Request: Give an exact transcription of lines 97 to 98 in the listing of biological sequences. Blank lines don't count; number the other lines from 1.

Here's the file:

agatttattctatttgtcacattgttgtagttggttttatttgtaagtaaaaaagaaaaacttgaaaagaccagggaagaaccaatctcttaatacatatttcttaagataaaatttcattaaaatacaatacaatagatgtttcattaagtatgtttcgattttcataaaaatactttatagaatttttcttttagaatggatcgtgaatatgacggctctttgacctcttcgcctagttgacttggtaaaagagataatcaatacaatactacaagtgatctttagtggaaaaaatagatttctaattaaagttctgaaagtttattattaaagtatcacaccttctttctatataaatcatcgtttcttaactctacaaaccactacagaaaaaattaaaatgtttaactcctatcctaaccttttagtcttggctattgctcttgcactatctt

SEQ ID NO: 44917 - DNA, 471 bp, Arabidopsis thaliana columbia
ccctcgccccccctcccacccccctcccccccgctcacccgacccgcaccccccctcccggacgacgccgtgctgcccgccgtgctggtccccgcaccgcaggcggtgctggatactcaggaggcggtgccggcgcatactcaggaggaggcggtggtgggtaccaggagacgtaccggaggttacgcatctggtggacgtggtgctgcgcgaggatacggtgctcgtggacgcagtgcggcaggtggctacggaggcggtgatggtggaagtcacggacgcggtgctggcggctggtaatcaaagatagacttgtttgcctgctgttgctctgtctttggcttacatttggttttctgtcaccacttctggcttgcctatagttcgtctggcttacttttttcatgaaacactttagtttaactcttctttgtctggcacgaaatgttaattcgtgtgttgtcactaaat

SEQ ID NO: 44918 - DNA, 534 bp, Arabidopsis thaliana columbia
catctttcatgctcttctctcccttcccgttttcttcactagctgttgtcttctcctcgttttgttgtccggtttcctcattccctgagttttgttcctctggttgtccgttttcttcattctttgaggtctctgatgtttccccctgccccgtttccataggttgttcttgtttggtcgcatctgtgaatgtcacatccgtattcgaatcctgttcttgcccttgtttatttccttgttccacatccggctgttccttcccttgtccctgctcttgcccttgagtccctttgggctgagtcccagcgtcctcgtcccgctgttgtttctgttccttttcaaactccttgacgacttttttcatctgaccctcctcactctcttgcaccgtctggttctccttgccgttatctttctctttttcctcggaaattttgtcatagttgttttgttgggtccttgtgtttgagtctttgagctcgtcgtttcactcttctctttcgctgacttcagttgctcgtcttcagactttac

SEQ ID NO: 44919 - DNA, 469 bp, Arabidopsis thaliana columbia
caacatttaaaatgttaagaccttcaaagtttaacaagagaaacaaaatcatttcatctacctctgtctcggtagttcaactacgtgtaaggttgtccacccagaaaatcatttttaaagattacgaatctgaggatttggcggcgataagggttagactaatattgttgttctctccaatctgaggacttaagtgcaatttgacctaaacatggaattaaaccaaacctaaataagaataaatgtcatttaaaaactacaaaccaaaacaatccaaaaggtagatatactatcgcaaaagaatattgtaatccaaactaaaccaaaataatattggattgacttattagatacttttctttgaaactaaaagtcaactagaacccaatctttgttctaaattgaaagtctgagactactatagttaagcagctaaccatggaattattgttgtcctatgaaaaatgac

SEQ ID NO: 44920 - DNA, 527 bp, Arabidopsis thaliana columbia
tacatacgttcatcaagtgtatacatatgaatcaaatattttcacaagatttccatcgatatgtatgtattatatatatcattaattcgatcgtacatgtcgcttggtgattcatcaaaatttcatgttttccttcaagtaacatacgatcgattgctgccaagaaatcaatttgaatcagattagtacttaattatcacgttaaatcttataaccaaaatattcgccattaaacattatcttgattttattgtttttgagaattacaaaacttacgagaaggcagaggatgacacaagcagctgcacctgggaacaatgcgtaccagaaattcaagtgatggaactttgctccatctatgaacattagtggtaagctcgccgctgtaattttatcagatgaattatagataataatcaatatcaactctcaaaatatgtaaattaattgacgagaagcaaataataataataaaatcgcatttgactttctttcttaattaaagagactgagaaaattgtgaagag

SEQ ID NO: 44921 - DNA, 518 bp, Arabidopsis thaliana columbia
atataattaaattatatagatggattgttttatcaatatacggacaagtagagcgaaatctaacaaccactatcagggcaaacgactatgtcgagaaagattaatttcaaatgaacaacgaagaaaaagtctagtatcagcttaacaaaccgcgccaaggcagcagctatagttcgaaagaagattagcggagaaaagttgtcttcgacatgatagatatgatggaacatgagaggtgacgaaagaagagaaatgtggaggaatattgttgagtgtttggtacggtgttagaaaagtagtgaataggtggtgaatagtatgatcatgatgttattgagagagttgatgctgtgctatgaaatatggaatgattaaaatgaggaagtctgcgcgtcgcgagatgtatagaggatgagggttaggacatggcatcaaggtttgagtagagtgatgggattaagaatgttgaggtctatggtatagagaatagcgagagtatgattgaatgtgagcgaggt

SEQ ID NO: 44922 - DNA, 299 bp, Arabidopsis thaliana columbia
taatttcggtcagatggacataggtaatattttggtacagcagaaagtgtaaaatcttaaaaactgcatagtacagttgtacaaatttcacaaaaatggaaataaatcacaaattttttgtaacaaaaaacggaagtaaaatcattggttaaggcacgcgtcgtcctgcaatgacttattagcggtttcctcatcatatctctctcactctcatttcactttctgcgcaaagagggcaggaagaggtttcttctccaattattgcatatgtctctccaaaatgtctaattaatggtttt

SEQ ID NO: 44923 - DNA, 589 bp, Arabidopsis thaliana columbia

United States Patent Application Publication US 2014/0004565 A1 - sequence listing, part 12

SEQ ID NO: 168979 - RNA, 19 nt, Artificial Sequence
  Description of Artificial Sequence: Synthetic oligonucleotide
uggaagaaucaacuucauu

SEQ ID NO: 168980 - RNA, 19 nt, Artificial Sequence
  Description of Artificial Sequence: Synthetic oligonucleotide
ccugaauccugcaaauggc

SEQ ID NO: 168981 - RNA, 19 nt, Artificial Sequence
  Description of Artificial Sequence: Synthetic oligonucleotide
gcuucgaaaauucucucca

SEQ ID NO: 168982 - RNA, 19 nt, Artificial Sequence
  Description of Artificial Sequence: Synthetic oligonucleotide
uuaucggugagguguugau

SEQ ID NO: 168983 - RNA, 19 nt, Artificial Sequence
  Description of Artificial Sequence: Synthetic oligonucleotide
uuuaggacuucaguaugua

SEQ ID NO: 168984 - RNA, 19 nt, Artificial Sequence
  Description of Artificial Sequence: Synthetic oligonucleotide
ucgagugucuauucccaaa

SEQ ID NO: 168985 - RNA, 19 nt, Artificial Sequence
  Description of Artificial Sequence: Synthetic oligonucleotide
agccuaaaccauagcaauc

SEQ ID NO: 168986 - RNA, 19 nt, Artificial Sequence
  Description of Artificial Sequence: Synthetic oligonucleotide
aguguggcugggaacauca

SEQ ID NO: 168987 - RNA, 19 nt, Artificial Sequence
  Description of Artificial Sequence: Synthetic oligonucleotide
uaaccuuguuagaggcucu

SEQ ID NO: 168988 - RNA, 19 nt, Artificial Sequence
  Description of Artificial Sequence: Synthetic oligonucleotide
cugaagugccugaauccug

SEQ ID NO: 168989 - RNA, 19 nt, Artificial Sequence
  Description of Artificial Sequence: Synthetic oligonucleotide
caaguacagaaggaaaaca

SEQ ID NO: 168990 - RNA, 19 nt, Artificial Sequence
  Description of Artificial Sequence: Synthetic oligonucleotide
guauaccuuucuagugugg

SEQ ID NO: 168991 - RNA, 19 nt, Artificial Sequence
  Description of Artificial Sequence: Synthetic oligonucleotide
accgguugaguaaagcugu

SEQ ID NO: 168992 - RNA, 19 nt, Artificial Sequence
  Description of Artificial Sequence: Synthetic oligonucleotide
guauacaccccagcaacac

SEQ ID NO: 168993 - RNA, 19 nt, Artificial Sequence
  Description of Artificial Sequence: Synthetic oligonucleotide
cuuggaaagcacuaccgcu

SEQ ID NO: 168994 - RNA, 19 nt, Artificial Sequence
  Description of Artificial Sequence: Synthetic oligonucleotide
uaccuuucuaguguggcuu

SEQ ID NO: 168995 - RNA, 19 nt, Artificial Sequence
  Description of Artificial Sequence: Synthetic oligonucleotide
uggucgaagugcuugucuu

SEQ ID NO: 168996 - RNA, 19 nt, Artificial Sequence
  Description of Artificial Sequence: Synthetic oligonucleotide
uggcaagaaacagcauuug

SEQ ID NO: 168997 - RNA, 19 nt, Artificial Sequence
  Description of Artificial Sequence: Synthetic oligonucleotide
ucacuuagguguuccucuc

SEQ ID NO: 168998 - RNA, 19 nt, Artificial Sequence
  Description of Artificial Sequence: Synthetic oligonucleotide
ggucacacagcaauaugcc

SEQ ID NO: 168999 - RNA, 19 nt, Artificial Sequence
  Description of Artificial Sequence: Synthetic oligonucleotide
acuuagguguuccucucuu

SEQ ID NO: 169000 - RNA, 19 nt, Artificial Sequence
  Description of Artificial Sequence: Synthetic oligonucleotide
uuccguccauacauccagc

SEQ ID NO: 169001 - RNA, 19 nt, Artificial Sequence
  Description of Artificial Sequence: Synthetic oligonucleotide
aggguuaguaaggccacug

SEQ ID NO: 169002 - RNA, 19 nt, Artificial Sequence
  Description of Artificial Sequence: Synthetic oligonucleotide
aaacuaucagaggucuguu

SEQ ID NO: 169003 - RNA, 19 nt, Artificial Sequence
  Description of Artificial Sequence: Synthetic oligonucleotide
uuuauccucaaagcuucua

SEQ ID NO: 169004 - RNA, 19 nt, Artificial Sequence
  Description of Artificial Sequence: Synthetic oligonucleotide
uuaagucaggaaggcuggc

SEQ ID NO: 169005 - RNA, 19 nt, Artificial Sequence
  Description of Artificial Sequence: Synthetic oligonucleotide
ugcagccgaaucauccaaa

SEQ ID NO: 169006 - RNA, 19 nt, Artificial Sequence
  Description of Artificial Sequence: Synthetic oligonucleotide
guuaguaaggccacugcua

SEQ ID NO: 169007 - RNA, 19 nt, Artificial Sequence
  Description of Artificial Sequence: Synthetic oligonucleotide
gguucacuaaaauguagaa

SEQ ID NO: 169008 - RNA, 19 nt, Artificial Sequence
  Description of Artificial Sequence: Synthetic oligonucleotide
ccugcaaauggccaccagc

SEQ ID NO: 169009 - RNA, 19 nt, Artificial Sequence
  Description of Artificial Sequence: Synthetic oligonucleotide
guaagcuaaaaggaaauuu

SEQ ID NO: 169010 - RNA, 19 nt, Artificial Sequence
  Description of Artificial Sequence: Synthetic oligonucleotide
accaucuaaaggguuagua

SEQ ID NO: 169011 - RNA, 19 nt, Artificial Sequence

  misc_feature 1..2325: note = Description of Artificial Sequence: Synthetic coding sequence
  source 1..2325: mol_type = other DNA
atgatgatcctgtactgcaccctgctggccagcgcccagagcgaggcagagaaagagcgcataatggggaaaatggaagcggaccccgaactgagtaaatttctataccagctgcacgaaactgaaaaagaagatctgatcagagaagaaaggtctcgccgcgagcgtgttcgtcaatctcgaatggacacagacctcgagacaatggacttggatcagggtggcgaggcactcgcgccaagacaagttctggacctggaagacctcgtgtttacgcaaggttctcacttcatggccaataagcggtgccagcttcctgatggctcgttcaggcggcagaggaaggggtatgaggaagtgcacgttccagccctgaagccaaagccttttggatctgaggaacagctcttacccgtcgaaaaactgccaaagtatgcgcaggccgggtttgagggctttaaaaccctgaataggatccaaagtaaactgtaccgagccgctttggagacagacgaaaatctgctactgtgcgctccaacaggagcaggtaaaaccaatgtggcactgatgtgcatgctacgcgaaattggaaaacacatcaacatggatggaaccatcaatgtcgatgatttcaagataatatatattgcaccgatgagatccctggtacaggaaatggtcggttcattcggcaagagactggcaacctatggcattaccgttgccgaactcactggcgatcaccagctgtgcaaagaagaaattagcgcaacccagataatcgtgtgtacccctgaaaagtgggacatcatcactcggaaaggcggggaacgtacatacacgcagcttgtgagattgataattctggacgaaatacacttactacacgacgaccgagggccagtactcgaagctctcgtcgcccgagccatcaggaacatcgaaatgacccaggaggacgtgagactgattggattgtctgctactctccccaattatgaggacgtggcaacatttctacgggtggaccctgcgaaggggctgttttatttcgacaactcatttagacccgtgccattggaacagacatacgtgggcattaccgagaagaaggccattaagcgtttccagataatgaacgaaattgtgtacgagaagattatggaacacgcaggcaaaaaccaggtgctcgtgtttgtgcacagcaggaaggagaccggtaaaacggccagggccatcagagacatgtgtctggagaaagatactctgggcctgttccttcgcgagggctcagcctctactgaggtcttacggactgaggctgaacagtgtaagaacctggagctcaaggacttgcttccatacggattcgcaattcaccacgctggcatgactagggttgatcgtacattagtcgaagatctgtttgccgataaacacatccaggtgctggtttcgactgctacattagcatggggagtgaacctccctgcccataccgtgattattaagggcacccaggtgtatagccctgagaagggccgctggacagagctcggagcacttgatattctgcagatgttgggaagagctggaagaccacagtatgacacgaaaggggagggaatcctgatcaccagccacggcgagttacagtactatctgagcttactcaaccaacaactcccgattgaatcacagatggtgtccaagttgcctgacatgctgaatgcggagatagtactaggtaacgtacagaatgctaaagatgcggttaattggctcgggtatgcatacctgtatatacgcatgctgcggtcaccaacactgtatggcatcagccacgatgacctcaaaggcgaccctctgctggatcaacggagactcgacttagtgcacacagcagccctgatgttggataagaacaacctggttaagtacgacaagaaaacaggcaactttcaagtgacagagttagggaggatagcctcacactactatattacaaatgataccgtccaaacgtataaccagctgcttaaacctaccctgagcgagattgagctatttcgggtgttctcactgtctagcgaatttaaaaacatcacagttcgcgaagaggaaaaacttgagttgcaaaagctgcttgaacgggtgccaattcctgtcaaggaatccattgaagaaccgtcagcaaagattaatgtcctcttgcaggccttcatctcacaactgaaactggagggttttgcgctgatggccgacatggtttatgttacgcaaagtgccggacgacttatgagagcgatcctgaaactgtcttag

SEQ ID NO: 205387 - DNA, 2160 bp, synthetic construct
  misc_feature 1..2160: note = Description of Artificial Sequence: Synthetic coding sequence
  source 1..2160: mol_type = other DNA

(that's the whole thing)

SEQ ID NO: 169006 - RNA, 19 nt, Artificial Sequence
  Description of Artificial Sequence: Synthetic oligonucleotide